On consumer sentiment measures, Death Wish’s old design was already in a proverbial hole—after all, using symbols that signify poison can be a risk. The score has increased considerably for the new design.
The skull-and-crossbones logo was the most liked and disliked element on both designs, but the ratio skewed heavily in favor of the new design. In fact, more consumers disliked the logo in the previous version than liked it (37% disliked versus 33% liked) and that was dramatically reversed for the new design (41% liked the logo and only 15% disliked it). The logo is still somewhat polarizing, but reducing its prominence seems to have made it much more broadly appealing.
When looking at the top ten responses more likely to be associated overall with the new design versus the old, it was not only more positive—featuring words like “cool,” “unique,” and “powerful”—it was also better aligned with how the brand touts itself. Words like “strong,” “bold,” “edgy,” and “intense” are differentiators, and each was more likely to be mentioned by consumers for the new design.
The new design also tightened the brand’s grip on differentiators compared to competitors. For example, consumers were almost twice as likely to mention “strong” with the new design (+30 compared to category average) than with the old (+16 compared to the same average). The brand was also more likely to prompt words like “cool” and “bold.”
Based on these strong redesign results, some increased sales could be percolating for Death Wish.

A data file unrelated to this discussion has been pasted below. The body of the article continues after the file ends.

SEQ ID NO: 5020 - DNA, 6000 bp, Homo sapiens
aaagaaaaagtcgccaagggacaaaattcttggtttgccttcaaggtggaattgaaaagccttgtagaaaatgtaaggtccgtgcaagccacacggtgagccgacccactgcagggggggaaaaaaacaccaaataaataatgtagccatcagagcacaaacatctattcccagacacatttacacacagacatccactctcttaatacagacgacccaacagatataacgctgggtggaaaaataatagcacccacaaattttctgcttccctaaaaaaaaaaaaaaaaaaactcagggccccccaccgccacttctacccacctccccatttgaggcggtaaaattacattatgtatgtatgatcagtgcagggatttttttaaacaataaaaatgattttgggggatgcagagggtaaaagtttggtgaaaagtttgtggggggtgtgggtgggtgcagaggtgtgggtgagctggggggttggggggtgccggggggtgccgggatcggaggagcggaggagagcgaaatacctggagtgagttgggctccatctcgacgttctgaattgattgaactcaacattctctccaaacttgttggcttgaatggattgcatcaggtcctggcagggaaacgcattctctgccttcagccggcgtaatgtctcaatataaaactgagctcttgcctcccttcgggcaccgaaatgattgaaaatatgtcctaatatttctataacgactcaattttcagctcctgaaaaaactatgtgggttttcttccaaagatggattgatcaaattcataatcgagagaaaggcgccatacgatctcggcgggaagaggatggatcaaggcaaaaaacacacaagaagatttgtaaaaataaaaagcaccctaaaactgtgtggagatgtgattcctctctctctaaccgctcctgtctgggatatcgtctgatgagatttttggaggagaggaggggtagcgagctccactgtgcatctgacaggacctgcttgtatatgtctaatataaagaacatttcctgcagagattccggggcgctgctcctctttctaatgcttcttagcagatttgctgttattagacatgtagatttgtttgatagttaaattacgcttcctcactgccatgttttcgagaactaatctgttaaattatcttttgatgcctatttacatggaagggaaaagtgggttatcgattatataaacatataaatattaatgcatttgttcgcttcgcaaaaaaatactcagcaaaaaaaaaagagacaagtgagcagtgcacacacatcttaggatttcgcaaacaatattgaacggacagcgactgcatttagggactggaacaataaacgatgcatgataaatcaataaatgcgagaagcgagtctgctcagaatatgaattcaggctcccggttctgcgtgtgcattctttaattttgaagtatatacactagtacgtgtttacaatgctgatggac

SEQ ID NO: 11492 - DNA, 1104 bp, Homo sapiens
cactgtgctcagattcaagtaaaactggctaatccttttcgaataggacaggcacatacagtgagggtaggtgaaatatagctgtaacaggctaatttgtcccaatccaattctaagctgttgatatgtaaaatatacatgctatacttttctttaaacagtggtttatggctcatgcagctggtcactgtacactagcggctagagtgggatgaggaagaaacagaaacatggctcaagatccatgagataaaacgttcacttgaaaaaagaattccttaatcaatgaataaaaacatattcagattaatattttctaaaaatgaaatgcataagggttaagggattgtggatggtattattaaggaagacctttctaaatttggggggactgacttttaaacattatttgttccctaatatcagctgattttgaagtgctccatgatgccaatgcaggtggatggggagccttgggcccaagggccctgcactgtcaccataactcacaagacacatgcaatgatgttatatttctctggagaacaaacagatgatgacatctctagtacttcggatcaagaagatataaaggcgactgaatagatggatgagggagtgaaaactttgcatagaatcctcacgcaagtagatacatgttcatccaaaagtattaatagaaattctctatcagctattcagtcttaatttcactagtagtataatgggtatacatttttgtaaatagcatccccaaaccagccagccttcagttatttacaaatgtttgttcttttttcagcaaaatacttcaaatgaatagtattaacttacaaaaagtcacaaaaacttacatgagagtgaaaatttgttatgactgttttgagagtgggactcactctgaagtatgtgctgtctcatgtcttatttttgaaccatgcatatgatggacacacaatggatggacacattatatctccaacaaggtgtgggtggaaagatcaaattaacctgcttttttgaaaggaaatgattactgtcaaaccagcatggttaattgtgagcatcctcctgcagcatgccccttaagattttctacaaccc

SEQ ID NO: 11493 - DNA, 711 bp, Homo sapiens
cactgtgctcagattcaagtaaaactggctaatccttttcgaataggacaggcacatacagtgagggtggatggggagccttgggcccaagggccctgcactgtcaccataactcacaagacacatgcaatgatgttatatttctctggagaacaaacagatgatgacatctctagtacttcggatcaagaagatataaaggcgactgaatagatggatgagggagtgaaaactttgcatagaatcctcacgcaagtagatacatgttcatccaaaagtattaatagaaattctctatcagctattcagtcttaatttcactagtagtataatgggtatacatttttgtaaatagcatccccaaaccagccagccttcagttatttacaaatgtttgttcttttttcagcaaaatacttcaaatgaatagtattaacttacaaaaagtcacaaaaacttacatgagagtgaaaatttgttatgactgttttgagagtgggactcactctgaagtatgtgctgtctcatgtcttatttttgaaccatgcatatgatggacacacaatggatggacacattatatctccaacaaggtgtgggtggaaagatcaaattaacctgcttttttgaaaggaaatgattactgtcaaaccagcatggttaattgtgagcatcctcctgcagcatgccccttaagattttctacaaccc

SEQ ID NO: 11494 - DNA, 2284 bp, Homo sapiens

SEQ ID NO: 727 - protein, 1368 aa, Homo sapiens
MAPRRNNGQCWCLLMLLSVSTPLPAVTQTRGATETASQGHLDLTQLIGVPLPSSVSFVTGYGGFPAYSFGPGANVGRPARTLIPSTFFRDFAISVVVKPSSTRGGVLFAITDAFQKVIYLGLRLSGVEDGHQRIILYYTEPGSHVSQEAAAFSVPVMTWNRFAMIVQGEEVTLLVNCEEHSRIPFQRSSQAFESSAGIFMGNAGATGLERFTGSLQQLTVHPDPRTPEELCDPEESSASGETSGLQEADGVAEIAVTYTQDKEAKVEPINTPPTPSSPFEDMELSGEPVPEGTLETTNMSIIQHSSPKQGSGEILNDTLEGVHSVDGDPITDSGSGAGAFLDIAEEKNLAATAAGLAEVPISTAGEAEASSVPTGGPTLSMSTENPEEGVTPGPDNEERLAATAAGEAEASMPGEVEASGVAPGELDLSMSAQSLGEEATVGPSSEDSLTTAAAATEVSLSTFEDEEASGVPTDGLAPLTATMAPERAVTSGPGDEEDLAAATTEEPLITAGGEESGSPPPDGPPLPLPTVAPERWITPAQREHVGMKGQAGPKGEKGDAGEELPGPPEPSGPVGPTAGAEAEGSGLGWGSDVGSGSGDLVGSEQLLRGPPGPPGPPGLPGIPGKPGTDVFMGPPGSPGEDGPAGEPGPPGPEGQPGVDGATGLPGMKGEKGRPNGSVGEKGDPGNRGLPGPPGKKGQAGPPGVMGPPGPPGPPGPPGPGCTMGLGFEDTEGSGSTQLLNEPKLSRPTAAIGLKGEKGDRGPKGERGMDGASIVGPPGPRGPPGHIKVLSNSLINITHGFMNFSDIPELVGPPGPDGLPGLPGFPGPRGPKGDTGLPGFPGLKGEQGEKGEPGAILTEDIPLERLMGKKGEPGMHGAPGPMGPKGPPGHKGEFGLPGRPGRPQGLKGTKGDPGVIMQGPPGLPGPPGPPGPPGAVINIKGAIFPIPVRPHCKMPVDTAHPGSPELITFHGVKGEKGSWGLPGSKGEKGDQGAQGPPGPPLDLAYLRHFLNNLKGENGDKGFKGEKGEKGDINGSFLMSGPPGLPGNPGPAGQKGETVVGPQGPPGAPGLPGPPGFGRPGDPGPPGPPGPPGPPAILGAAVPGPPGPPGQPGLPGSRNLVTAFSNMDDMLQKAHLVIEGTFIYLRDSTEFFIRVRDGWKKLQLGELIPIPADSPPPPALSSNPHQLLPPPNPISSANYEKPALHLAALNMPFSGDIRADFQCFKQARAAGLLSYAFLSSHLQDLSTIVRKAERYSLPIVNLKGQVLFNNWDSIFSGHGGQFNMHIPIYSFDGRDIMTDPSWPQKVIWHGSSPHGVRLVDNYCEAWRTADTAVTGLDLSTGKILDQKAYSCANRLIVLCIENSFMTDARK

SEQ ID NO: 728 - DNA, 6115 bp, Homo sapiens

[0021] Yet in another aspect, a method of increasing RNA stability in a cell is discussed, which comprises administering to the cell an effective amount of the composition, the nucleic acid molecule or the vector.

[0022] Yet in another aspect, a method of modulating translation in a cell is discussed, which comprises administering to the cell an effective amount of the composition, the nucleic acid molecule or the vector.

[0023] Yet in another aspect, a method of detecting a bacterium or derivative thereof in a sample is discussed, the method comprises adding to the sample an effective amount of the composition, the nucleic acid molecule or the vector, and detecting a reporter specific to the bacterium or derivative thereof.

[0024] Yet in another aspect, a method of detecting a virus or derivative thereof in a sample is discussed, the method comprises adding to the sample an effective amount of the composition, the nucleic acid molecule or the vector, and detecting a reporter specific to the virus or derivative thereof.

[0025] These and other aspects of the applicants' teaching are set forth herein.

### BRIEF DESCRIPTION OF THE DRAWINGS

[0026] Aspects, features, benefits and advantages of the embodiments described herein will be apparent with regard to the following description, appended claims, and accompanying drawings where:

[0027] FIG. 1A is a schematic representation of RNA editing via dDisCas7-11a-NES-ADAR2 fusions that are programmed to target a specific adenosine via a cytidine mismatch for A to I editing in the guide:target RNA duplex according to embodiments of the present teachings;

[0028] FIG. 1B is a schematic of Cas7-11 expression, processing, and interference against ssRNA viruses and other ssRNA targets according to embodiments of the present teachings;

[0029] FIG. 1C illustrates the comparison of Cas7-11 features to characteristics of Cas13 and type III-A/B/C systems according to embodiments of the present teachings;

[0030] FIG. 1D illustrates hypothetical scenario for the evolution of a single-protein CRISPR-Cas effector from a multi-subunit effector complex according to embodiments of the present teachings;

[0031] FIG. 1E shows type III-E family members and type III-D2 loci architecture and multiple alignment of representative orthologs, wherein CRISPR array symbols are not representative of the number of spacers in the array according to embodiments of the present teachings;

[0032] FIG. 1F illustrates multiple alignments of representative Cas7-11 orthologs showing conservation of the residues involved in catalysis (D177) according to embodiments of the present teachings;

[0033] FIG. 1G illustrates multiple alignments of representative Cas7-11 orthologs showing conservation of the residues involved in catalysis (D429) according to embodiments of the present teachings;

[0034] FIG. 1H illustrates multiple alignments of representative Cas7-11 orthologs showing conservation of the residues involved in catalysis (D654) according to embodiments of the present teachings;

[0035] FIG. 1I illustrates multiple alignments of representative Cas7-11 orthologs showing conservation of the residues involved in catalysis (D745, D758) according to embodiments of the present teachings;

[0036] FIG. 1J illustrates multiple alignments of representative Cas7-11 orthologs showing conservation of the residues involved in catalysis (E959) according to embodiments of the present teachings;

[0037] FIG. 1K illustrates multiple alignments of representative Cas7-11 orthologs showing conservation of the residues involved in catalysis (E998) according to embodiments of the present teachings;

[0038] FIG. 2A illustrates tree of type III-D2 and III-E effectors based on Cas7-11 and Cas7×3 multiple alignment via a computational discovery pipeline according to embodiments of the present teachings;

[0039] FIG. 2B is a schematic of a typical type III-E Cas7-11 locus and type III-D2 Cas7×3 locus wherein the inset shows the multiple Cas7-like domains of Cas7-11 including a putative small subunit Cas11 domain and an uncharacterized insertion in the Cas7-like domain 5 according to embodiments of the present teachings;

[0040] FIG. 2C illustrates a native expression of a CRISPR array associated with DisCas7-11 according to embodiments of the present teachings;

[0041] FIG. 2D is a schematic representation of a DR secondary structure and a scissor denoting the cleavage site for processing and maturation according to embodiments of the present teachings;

- The new design won on communicating every one of the top 12 attributes to consumers, and by wide margins. Since saying important things better has an 88% correlation to in-market outcomes, this is an auspicious sign for the brand.
- Consumers could recognize the new design from a slightly further distance—6.6 feet vs. 5.9 feet for the old—despite reducing the size of the brand name and highly-distinctive skull and crossbones
- When it comes to design element resonance, the new design outperformed the old one handily, doubling the like-to-dislike ratio (3.1 versus 1.5).
- The choice to have such a polarizing icon (the skull and crossbones) was no doubt a calculated one—the very boldness that draws some consumers to the brand will undoubtedly turn off others. And yet, the new design did increase logo resonance scores from 3.3 to 3.8, which is impressive. If the brand can continue to find incremental improvement in this area without alienating its avid fans, that would only increase its overall appeal.
- Some consumers seemed confused by the flavor claims on the packaging, misinterpreting the “notes of chocolate and cherry” on the package to mean that these flavors were added instead of characteristic of the beans. While only a small segment commented on this, such confusion is worth taking into consideration moving forward.
“I love the color—it really pops.”
“I like the lightning bolt pattern because it makes me think this is a high-energy coffee that will wake me up in the morning.”
About our data
Our goal behind highlighting impactful redesigns is to help brands understand market reactions to design changes and make intentional design decisions. We create a full report of these insightful case studies for every brand redesign in our cross-category database. These value-add tools are created automatically for our clients who subscribe to syndicated category data. For more information on this redesign report or others, contact us.